Front Page Titles (by Subject) CHAPTER VII.: THE PERSISTENCE OF RELATIONS AMONG FORCES. - First Principles
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CHAPTER VII.: THE PERSISTENCE OF RELATIONS AMONG FORCES. - Herbert Spencer, First Principles 
First Principles, 2nd ed. (London: Williams and Norgate, 1867).
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THE PERSISTENCE OF RELATIONS AMONG FORCES.
§ 63. The first deduction to be drawn from the ultimate universal truth that force persists, is that the relations among forces persist. Supposing a given manifestation of force, under a given form and given conditions, be either preceded by or succeeded by some other manifestation, it must, in all cases where the form and conditions are the same, be preceded by or succeeded by such other manifestation. Every antecedent mode of the Unknowable must have an invariable connexion, quantitative and qualitative, with that mode of the Unknowable which we call its consequent.
For to say otherwise is to deny the persistence of force. If in any two cases there is exact likeness not only between those most conspicuous antecedents which we distinguish as the causes, but also between those accompanying antecedents which we call the conditions, we cannot affirm that the effects will differ, without affirming either that some force has come into existence or that some force has ceased to exist. If the cooperative forces in the one case are equal to those in the other, each to each, in distribution and amount; then it is impossible to conceive the product of their joint action in the one case as unlike that in the other, without conceiving one or more of the forces to have increased or diminished in quantity; and this is conceiving that force is not persistent.
To impress the truth here enunciated under its most abstract form, some illustrations will be desirable.
§ 64. Let two equal bullets be projected with equal forces; then, in equal times, equal distances must be travelled by them. The assertion that one of them will describe an assigned space sooner than the other, though their initial momenta were alike and they have been equally resisted (for if they are unequally resisted the antecedents differ) is an assertion that equal quantities of force have not done equal amounts of work; and this cannot be thought without thinking that some force has disappeared into nothing or arisen out of nothing. Assume, further, that during its flight, one of them has been drawn by the Earth a certain number of inches out of its original line of movement; then the other, which has moved the same distance in the same time, must have fallen just as far towards the Earth. No other result can be imagined without imagining that equal attractions acting for equal times, have produced unequal effects; which involves the inconceivable proposition that some action has been created or annihilated. Again, one of the bullets having penetrated the target to a certain depth, penetration by the other bullet to a smaller depth, unless caused by altered shape of the bullet or greater local density in the target, cannot be mentally represented. Such a modification of the consequents without modification of the antecedents, is thinkable only through the impossible thought that something has become nothing or nothing has become something.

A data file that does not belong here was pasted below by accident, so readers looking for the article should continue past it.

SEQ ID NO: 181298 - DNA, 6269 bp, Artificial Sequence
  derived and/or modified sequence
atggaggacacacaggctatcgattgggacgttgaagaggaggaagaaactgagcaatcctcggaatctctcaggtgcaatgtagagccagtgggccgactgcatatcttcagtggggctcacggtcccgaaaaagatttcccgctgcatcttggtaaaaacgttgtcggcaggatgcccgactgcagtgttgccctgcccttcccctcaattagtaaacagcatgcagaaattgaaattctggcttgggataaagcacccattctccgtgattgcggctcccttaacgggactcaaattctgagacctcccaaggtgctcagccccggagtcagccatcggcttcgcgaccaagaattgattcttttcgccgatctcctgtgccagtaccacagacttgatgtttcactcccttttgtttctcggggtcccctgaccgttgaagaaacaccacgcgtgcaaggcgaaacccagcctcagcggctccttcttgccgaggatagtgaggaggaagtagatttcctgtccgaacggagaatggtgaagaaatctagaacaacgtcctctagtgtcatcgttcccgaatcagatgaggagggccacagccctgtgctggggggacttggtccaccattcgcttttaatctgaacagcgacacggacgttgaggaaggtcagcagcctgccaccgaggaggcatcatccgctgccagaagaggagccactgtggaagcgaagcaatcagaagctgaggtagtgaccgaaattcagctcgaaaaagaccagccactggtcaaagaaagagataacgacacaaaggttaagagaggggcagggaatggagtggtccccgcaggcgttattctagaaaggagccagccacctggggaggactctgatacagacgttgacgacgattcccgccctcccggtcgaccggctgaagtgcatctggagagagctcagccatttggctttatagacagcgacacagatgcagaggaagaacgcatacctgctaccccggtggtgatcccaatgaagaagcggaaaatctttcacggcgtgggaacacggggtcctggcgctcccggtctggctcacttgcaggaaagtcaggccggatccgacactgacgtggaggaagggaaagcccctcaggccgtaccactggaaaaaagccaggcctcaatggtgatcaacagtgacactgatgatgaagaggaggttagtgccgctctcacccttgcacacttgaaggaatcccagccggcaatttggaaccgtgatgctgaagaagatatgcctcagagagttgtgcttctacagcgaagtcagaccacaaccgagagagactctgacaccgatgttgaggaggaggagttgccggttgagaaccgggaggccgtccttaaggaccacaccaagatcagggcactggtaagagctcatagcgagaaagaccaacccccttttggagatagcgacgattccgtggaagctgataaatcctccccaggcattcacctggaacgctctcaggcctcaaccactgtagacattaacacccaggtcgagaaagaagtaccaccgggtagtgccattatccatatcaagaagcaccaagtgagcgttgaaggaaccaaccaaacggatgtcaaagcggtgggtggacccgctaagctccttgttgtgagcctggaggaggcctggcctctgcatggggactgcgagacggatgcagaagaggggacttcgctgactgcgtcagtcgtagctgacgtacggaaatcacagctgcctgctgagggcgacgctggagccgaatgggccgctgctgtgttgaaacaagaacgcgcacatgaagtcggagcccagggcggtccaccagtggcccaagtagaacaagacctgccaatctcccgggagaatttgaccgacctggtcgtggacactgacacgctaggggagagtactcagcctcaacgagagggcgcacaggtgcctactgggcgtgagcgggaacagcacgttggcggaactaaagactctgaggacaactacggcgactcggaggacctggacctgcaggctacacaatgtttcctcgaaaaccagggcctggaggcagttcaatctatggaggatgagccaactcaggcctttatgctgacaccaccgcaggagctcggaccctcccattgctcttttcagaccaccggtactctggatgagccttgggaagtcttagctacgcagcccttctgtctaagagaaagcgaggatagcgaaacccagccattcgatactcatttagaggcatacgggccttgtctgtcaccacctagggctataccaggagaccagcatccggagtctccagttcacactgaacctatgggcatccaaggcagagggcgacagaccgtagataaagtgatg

It is thus not with sequences only, but also with simultaneous changes and permanent co-existences. Given charges of powder alike in quantity and quality, fired from barrels of the same structure, and propelling bullets of equal weights, sizes, and forms, similarly rammed down; and it is a necessary inference that the concomitant actions which make up the explosion, will bear to one another like relations of quantity and quality in the two cases. The proportions among the different products of combustion will be equal. The several amounts of force taken up in giving momentum to the bullet, heat to the gases, and sound on their escape, will preserve the same ratios. The quantities of light and smoke in the one case will be what they are in the other; and the two recoils will be alike. For no difference of proportion, or no difference of relation, among these concurrent phenomena can be imagined as arising, without imagining such difference of proportion or relation as arising uncaused—as arising by the creation or annihilation of force.
That which here holds between two cases must hold among any number of cases; and that which here holds between antecedents and consequents that are comparatively simple, must hold however involved the antecedents become and however involved the consequents become.
§ 65. Thus what we call uniformity of law, resolvable as we find it into the persistence of relations among forces, is an immediate corollary from the persistence of force. The general conclusion that there exist constant connexions among phenomena, ordinarily regarded as an inductive conclusion only, is really a conclusion deducible from the ultimate datum of consciousness. Though, in saying this, we seem to be illegitimately inferring that what is true of the ego is also true of the non-ego; yet here this inference is legitimate. For that which we thus predicate as holding in common of ego and non-ego, is that which they have in common as being both existences. The assertion of an existence beyond consciousness, is itself an assertion that there is something beyond consciousness which persists; for persistence is nothing more than continued existence, and existence cannot be thought of as other than continued. And we cannot assert persistence of this something beyond consciousness, without asserting that the relations among its manifestations are persistent.
That uniformity of law thus follows inevitably from the persistence of force, will become more and more clear as we advance. The next chapter will indirectly supply abundant illustrations of it.